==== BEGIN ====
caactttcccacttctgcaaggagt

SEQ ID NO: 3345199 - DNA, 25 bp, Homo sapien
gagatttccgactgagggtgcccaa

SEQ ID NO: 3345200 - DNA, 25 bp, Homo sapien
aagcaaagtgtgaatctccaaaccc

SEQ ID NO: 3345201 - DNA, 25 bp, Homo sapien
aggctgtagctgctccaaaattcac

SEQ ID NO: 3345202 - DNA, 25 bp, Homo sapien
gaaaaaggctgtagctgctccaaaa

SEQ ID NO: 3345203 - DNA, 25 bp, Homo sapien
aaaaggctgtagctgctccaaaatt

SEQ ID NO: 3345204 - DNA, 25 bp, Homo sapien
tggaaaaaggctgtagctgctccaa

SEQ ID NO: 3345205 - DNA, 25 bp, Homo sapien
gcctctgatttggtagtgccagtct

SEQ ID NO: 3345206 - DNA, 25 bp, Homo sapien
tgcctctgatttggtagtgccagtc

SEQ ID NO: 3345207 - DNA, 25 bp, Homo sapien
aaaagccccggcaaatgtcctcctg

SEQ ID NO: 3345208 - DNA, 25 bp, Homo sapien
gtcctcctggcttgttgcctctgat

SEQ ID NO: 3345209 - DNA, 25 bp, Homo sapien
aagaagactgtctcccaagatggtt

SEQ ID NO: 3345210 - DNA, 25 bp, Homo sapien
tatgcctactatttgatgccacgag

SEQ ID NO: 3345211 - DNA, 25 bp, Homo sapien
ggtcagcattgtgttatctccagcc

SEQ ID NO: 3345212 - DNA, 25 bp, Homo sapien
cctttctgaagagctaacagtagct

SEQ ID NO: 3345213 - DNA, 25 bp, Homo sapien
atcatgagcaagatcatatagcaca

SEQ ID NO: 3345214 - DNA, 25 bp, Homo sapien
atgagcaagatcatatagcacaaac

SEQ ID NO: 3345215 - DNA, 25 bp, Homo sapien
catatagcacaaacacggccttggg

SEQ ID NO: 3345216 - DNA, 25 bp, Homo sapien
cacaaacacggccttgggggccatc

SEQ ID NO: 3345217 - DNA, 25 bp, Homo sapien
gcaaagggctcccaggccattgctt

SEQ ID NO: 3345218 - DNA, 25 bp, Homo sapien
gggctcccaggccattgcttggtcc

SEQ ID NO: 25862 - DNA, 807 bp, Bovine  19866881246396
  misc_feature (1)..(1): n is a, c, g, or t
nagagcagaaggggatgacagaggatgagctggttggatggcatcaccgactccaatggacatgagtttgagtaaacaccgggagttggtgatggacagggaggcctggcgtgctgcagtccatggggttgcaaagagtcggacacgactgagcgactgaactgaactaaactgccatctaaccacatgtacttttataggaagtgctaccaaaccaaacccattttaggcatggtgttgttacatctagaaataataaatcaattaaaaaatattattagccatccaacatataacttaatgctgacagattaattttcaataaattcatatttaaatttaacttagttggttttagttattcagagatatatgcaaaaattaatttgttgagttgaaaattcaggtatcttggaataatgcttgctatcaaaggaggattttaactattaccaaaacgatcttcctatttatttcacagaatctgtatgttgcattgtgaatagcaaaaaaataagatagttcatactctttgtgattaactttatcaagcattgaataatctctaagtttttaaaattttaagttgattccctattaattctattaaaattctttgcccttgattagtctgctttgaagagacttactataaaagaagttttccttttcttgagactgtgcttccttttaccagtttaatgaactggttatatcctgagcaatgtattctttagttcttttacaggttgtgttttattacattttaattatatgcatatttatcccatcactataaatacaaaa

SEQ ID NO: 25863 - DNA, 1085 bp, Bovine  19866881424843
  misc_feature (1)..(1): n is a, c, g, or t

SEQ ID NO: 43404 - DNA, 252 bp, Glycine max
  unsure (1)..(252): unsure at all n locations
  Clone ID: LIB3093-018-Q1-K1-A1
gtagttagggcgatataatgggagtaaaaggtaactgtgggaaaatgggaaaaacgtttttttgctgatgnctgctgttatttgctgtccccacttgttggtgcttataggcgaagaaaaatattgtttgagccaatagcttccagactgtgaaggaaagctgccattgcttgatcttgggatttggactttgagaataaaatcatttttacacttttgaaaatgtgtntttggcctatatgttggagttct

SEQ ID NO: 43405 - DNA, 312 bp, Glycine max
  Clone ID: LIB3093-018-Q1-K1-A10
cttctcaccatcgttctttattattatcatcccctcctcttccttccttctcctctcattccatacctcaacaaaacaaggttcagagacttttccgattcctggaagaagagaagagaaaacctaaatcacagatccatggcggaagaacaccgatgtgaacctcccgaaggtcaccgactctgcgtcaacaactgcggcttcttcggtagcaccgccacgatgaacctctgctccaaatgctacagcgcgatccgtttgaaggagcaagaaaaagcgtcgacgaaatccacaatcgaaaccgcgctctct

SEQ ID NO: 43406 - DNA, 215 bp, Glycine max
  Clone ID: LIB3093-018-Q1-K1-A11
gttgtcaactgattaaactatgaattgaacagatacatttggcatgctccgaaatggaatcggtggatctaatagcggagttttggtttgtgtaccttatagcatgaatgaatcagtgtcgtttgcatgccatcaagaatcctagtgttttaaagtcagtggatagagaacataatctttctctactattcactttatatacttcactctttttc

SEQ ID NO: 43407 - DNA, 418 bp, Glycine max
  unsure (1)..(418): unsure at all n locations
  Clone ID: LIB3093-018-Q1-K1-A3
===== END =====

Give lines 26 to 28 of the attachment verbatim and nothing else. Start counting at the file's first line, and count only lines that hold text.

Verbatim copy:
SEQ ID NO: 3345211 - DNA, 25 bp, Homo sapien
ggtcagcattgtgttatctccagcc

SEQ ID NO: 3345212 - DNA, 25 bp, Homo sapien